I never had been able to convince myself that gold or gold shares are good investments. The unpredictability and volatility just never appealed to me.
Some simple statistics may prove the point. Over the past 20 years, a portfolio of global gold shares, as measured by the NYSE ARCA Gold Miners Index, returned an abysmal 1% per year. In addition, the volatility of the returns (read “risk”) was exceptionally high with a worst rolling 12-month return of -58% and a best return of 107%. In 50% of all rolling 12-month periods, investors would have lost money. This is, to my mind, indicative of an investment only suitable for high-risk investors.
Gold, on the other hand, has been a better investment vehicle over the past 20 years. A bar of gold as an investment would have yielded a 6% investment return per year over the full period, while the volatility was much lower than for gold shares. In addition, an investment in physical gold would have lost money in about one-third of the rolling 12 month periods – much better than for gold shares.
The statistics for the past 20 years would clearly favour gold over gold shares as an investment – higher returns and lower risk!
However, gold shares have substantially underperformed gold over the past few years and this may have contributed to a somewhat skewed picture of the real investment profiles of gold and gold shares. The graph below indicates this poor relative performance of gold shares, which started in 2007 and despite a brief rally in 2009, continued into 2015.
There are several reasons for the poor performance of gold shares over the past few years, including high-cost capacity expansions during the gold bull market, overpriced acquisitions, highly leveraged balance sheets, and bloated cost structures. This all had to be worked out over time – a process that affected the profitability and viability of many gold producers. In addition, investors became increasingly wary of the high risk involved in gold mine investing, especially after the 2008-09 market crash.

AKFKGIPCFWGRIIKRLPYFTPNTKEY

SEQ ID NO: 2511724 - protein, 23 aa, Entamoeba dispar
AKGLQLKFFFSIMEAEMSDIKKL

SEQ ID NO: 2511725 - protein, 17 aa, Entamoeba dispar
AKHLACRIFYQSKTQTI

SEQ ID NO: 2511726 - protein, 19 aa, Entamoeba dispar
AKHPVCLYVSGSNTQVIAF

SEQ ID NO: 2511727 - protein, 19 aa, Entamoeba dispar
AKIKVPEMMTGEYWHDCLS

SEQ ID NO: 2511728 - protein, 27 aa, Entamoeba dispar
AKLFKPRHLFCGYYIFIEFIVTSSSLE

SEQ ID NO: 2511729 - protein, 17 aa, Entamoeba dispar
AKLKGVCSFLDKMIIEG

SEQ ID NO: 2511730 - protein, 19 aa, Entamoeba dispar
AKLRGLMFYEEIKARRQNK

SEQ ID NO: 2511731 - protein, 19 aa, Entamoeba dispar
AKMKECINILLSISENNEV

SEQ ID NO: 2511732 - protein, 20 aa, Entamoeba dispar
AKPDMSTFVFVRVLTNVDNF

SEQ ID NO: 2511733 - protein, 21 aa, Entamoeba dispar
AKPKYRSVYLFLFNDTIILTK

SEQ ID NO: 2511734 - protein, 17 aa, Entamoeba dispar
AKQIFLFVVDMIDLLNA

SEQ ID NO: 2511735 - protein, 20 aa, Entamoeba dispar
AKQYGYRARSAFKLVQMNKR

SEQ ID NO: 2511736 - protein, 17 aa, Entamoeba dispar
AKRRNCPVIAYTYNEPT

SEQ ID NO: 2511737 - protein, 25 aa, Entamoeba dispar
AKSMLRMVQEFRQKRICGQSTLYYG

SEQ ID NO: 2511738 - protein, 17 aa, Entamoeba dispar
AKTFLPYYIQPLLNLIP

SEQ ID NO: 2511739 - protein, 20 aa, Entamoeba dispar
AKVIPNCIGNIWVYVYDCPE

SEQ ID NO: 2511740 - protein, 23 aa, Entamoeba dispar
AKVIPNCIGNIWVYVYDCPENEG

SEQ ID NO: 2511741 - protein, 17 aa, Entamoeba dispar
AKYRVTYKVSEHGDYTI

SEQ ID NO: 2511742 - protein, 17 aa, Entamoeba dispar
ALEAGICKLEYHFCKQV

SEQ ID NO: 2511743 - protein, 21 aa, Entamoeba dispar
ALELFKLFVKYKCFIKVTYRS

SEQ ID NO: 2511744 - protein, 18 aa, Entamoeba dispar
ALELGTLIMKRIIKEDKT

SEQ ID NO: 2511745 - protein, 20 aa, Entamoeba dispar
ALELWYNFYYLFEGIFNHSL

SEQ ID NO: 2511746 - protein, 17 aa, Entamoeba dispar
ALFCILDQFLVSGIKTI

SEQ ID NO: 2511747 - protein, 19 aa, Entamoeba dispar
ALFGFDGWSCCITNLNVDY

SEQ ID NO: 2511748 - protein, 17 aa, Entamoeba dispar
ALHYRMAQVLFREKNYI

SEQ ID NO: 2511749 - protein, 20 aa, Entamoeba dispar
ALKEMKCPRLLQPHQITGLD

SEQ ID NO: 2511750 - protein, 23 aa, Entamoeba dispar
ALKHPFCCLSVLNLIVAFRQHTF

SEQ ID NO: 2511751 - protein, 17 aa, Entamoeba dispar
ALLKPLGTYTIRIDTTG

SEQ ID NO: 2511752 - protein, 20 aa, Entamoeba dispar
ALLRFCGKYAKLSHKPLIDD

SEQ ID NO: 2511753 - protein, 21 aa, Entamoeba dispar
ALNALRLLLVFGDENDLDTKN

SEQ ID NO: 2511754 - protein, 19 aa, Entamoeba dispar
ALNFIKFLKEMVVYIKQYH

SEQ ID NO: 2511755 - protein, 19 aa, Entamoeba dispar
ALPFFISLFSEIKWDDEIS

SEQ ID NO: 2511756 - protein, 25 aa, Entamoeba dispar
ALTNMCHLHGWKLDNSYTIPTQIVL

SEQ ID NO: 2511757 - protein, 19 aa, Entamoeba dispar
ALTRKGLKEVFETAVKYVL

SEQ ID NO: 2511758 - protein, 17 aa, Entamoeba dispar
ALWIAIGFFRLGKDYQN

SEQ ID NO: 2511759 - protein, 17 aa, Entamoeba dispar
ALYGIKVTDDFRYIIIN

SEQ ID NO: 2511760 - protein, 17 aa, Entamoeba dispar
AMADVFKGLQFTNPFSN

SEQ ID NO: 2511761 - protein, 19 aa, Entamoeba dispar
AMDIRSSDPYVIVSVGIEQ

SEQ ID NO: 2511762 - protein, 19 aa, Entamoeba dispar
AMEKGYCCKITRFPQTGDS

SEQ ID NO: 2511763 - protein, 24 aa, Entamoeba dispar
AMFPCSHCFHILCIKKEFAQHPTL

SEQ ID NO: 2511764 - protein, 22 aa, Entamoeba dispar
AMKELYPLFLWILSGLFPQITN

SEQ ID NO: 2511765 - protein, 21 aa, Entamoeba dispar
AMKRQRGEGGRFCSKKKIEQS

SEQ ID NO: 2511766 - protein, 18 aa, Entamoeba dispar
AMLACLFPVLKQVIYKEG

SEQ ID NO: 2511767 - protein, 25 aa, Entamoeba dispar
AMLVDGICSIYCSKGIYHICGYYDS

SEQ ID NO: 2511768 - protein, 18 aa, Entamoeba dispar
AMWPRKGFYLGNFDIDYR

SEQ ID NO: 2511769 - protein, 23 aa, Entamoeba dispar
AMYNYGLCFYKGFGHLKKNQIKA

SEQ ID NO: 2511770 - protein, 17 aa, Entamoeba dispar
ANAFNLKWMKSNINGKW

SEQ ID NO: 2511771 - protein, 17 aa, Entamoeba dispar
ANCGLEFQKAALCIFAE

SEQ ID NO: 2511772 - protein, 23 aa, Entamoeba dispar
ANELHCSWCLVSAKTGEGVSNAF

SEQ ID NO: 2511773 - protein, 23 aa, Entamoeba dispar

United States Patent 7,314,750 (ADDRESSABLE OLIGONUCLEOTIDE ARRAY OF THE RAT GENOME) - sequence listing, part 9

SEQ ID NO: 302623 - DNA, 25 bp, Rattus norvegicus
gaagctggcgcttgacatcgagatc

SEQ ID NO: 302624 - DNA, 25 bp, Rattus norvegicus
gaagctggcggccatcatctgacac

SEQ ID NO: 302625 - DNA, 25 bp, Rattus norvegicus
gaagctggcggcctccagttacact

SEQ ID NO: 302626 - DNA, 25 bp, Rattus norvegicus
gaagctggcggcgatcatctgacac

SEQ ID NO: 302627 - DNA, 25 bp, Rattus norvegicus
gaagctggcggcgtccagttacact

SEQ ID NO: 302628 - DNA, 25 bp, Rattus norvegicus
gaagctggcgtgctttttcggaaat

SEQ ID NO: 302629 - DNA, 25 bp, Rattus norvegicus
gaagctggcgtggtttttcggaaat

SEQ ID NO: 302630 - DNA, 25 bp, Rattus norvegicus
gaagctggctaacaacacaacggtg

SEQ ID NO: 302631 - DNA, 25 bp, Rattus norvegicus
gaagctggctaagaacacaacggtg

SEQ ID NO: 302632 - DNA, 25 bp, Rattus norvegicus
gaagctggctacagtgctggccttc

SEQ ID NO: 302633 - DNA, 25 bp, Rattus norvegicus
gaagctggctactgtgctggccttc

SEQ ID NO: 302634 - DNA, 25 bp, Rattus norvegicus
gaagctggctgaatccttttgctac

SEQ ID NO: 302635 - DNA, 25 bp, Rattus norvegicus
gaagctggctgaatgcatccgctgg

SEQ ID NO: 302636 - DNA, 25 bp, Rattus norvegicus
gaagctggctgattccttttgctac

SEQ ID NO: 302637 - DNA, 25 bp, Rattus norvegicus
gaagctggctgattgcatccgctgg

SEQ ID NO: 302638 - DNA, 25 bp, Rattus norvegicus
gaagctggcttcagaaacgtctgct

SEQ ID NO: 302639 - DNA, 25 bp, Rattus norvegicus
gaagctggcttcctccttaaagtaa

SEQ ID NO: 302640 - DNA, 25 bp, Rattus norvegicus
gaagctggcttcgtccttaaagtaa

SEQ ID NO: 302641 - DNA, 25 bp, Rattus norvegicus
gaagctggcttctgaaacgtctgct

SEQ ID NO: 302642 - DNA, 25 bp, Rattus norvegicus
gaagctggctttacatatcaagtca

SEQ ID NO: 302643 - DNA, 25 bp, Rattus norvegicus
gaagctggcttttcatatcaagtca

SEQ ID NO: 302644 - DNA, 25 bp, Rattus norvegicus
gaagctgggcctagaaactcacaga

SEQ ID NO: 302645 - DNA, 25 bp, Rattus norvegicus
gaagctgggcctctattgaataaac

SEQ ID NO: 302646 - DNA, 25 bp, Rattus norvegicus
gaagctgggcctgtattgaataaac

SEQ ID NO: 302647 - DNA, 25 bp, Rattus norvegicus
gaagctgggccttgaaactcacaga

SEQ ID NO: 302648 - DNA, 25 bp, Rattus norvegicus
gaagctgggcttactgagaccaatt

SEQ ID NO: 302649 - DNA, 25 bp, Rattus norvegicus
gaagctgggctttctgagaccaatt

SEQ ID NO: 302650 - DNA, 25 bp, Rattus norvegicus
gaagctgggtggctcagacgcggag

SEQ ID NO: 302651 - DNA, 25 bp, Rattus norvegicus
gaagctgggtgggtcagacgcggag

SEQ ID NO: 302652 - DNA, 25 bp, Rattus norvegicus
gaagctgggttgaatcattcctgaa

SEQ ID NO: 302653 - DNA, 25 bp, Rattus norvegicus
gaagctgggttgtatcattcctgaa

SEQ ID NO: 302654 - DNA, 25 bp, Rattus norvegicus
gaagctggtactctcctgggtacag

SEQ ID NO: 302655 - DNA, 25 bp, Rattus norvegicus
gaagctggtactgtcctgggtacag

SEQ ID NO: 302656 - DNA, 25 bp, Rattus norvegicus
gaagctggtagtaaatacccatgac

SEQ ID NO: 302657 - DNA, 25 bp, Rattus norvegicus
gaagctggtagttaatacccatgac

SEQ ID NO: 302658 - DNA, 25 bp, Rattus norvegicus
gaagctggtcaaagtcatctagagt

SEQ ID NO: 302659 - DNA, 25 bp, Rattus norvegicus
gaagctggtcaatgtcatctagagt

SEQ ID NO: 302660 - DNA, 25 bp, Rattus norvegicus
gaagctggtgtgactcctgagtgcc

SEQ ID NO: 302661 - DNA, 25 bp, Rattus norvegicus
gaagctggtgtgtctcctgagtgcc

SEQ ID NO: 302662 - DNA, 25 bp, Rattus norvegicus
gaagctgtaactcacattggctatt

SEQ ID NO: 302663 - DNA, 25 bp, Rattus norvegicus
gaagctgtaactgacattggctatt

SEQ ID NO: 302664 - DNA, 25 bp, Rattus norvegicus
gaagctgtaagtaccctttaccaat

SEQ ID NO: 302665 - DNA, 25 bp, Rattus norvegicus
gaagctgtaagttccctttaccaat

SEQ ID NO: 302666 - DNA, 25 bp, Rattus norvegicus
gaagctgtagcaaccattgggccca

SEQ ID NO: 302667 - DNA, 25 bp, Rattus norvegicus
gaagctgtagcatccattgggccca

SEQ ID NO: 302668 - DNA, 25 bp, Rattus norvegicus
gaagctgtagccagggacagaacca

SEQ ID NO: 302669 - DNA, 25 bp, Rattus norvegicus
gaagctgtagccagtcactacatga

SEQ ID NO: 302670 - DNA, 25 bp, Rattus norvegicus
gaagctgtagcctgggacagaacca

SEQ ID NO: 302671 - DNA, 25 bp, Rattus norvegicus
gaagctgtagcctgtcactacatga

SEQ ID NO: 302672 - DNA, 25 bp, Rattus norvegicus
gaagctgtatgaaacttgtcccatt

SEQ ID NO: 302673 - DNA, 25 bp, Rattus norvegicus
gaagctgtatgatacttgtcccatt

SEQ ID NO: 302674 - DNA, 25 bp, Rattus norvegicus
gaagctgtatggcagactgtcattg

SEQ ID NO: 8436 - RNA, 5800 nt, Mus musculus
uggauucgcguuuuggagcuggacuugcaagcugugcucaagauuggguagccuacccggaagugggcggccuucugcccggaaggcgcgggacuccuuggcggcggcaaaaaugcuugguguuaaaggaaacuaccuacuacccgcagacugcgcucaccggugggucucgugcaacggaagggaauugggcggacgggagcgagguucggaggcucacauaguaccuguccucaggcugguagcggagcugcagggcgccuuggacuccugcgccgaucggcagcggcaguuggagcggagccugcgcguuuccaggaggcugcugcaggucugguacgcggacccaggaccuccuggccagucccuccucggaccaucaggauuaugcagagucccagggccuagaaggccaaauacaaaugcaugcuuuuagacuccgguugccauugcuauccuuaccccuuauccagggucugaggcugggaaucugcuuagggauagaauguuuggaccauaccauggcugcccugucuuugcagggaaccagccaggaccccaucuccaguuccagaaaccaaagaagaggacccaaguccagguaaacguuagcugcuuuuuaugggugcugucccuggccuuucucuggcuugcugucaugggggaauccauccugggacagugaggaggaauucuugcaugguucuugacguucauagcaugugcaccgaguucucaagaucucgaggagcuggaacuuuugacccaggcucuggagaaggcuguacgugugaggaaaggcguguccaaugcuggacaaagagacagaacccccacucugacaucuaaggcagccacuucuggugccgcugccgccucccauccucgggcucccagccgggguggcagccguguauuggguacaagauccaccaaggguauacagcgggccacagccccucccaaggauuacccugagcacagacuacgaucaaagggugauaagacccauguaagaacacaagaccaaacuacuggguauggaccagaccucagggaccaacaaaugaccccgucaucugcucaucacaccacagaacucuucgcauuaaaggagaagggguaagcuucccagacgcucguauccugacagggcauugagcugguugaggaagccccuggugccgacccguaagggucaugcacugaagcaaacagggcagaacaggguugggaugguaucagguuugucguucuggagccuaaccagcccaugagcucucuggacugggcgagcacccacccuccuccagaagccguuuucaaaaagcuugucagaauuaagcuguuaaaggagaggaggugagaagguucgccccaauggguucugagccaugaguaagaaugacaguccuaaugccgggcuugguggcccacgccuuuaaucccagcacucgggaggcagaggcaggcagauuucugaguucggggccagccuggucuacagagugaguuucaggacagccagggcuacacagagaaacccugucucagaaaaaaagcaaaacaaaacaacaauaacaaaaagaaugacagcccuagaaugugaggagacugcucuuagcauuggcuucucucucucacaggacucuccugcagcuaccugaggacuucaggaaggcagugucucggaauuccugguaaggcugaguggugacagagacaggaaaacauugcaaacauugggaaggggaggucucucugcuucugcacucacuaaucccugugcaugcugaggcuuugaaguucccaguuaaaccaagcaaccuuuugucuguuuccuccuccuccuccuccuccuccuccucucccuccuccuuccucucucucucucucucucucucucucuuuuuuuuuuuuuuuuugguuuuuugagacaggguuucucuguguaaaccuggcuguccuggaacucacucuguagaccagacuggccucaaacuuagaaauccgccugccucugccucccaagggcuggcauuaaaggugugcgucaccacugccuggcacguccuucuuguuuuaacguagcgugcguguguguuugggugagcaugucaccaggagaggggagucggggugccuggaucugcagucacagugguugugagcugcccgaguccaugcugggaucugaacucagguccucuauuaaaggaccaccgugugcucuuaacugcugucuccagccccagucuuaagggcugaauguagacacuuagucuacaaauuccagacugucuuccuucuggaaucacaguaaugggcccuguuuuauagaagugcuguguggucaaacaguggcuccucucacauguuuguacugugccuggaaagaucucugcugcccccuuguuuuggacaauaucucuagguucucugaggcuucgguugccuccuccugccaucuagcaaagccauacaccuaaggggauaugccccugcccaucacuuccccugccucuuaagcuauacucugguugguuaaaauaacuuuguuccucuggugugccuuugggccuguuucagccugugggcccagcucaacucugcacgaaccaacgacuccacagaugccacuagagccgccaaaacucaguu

Another point of interest from the graph is that gold shares normally performed better than gold during periods when the gold price increased. This happened in the early to mid 1990s and again between 2001 and 2007 although the gold price continued to move up until 2012. The opposite was also true with the price of gold in decline between 1996 and 2001, and again from 2011 onwards – during these time periods the gold shares performed poorly relative to the price of gold.
Noticeable is the fact that the ratio between gold shares and gold generally moved between 1 and 2 until June 2011. The ratio is currently at its lowest level for at least the past 20 years, which implies that gold shares are now exceedingly cheap when compared to physical gold. This will correct at some point, most likely when investors become confident that the next bull market in gold has started.
From this analysis, it would be reasonable to conclude that investors who believe that the next bull market in gold is underway or will start in the near future, should emphasize quality gold producers such as Goldcorp Inc. (TSX:G)(NYSE:GG), Newmont Mining Corp (NYSE:NEM), and Eldorado Gold Corp (TSX:ELD)(NYSE:EGO), or gold streaming companies such as Franco Nevada Corporation (TSX:FNV)(NYSE:FNV) rather than adding gold bullion to their portfolios.
This article represents the opinion of the writer, who may disagree with the “official” recommendation position of a Motley Fool premium service or advisor. We’re Motley! Questioning an investing thesis — even one of our own — helps us all think critically about investing and make decisions that help us become smarter, happier, and richer, so we sometimes publish articles that may not be in line with recommendations, rankings or other content.
Fool contributor Deon Vernooy, CFA has no position in any stocks mentioned.